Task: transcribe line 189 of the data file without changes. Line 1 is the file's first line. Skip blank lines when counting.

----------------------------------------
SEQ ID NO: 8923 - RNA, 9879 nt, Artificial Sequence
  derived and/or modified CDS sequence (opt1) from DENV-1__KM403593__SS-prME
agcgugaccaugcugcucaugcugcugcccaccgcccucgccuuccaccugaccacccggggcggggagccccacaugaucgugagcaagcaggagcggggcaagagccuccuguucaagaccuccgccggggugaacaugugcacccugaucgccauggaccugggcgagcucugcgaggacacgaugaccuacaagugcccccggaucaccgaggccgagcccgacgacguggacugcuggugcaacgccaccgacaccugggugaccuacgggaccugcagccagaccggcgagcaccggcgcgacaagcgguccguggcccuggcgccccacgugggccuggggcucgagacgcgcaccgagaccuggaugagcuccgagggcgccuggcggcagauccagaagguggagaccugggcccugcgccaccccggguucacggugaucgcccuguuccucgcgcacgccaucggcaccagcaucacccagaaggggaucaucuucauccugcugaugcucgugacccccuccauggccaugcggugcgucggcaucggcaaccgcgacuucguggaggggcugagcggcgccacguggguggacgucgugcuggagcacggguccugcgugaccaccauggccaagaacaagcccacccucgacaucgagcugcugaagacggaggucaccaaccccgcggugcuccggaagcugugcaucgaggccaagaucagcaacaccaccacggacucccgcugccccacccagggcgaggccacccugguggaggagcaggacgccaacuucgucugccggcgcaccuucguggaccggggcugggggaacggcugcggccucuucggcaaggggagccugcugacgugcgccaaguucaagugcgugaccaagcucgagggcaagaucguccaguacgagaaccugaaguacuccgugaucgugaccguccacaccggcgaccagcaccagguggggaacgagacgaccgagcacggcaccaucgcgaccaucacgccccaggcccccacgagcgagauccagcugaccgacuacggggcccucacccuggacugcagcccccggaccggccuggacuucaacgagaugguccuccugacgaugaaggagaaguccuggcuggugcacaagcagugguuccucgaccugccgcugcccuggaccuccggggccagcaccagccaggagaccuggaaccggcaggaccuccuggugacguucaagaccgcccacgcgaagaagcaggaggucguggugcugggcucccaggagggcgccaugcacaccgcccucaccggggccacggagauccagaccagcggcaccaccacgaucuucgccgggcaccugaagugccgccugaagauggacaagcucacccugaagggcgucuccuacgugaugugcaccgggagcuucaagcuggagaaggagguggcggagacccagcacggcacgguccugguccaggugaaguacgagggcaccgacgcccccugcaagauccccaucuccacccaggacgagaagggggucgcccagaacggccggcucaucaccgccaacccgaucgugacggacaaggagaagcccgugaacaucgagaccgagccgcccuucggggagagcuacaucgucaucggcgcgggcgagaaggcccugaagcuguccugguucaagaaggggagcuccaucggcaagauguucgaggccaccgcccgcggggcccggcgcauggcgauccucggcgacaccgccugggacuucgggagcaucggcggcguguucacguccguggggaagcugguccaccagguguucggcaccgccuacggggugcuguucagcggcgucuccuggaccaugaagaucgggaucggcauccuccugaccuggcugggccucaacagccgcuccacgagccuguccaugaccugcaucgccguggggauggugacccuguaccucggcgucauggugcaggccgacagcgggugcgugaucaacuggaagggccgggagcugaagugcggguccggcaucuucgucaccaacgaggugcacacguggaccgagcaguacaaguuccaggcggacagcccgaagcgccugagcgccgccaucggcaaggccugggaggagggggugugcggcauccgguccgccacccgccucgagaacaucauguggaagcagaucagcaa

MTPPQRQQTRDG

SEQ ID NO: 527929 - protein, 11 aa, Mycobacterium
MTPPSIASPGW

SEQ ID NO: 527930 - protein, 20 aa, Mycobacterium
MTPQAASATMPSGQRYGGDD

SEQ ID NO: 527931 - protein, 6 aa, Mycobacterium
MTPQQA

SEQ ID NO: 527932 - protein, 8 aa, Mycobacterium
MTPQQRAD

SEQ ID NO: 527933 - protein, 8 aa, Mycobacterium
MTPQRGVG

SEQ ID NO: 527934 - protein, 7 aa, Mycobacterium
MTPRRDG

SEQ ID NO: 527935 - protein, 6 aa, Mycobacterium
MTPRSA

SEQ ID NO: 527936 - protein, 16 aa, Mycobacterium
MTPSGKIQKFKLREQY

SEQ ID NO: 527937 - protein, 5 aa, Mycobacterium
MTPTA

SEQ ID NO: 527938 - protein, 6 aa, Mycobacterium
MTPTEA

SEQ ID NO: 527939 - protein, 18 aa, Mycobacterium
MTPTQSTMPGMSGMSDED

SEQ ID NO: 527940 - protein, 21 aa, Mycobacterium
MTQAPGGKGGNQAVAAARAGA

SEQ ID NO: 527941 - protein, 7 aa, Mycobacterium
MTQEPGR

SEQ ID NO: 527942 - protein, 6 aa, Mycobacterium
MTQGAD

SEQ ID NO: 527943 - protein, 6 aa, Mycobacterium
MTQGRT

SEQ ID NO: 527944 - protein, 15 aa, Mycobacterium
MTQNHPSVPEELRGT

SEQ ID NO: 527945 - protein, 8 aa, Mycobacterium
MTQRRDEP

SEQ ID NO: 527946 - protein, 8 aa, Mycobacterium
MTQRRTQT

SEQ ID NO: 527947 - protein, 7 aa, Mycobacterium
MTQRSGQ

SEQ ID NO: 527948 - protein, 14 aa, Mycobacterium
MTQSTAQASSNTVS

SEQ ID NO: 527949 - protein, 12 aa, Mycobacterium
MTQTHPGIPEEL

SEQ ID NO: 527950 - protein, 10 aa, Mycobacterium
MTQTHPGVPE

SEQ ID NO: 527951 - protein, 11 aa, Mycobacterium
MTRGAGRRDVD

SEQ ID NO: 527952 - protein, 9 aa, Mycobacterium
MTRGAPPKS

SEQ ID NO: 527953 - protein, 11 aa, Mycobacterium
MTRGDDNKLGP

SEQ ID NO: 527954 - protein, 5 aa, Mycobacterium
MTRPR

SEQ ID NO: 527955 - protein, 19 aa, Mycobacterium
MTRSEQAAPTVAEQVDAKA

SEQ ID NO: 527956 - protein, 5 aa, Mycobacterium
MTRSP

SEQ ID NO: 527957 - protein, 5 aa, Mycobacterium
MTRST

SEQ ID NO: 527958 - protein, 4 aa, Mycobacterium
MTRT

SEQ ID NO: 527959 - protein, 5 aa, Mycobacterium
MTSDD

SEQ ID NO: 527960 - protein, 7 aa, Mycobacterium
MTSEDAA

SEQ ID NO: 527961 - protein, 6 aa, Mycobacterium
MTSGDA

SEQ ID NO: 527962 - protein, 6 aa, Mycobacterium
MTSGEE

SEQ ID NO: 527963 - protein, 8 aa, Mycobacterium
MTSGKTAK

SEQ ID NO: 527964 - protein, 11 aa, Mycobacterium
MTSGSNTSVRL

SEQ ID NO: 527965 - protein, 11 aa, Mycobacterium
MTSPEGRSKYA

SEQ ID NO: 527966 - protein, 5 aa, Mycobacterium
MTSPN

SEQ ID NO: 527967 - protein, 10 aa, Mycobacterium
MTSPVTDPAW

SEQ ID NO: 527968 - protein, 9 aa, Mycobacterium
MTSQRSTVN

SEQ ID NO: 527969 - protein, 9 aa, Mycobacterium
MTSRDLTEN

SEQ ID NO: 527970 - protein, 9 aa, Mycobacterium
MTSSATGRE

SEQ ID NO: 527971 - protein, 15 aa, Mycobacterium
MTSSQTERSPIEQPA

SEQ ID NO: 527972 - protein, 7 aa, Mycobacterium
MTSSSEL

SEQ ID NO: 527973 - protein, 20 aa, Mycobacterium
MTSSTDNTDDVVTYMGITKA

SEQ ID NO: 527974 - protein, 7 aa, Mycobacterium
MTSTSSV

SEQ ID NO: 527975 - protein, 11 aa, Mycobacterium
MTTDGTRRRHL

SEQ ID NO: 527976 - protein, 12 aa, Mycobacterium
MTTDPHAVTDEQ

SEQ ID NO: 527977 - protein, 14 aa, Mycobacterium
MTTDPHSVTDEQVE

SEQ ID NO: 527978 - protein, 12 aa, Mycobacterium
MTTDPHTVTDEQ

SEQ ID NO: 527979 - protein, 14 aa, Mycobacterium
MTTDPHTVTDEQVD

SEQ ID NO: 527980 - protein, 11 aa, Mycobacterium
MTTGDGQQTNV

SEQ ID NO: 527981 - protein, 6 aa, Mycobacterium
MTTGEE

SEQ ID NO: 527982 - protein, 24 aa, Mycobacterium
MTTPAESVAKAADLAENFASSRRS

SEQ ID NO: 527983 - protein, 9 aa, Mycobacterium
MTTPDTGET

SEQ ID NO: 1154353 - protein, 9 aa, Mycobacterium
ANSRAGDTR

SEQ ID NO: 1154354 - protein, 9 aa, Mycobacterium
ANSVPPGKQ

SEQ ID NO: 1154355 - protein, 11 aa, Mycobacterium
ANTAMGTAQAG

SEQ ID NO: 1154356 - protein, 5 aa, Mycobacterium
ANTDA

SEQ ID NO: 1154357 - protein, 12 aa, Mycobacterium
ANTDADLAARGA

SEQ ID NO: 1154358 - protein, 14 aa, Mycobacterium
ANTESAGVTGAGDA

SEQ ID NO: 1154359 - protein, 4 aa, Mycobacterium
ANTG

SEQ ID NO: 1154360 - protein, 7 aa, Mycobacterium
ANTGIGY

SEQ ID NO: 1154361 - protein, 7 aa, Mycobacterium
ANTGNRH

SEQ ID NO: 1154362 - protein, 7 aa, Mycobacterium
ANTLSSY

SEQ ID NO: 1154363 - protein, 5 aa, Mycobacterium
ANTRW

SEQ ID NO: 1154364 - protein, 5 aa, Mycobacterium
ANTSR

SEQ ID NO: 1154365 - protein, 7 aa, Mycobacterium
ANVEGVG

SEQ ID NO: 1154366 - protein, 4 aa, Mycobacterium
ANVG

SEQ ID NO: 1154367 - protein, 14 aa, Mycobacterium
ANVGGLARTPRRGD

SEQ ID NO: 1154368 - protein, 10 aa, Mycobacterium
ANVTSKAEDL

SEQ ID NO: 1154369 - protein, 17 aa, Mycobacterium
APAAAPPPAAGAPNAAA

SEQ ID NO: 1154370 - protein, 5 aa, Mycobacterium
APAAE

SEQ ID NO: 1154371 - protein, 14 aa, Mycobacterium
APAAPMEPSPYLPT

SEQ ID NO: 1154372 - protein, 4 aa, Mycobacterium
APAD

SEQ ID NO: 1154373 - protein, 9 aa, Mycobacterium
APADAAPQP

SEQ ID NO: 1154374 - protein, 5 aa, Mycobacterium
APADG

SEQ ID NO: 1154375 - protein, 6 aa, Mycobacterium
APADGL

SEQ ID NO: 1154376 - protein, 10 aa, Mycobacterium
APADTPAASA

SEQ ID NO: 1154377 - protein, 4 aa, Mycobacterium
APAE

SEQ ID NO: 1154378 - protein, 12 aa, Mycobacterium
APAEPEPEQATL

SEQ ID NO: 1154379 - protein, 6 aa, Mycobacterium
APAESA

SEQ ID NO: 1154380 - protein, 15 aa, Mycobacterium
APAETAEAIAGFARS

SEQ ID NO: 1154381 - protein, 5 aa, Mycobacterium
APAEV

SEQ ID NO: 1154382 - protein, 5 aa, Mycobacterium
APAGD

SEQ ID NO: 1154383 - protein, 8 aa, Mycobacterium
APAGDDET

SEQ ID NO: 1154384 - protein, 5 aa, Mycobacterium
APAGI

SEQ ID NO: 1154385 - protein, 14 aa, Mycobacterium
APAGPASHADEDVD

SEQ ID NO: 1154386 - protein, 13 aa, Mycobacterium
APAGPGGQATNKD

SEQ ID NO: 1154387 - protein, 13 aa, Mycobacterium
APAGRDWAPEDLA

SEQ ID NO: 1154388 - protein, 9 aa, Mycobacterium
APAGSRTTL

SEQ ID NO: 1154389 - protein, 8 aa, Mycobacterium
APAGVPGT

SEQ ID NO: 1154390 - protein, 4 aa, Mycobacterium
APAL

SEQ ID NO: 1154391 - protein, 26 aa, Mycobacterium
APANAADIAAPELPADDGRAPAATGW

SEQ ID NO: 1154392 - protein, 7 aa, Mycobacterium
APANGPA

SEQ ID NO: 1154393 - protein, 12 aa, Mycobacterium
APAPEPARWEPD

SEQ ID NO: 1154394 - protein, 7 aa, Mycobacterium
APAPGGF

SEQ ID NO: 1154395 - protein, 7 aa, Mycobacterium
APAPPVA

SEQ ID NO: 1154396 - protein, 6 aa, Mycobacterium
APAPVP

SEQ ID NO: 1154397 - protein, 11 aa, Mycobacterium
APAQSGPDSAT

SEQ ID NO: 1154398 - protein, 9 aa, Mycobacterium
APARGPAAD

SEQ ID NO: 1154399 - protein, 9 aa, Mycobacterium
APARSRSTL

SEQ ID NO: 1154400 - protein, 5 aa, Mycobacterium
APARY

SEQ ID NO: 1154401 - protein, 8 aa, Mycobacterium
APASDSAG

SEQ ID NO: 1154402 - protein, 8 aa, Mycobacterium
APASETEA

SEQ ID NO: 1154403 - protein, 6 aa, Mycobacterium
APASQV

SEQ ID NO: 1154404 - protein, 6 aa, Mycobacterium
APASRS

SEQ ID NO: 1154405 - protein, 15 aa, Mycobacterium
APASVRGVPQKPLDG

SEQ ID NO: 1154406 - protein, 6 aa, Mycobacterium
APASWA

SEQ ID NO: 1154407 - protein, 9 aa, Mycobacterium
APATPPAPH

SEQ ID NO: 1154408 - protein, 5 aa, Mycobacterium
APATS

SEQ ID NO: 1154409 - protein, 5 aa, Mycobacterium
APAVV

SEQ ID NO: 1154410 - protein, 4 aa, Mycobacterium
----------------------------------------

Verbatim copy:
SEQ ID NO: 1154390 - protein, 4 aa, Mycobacterium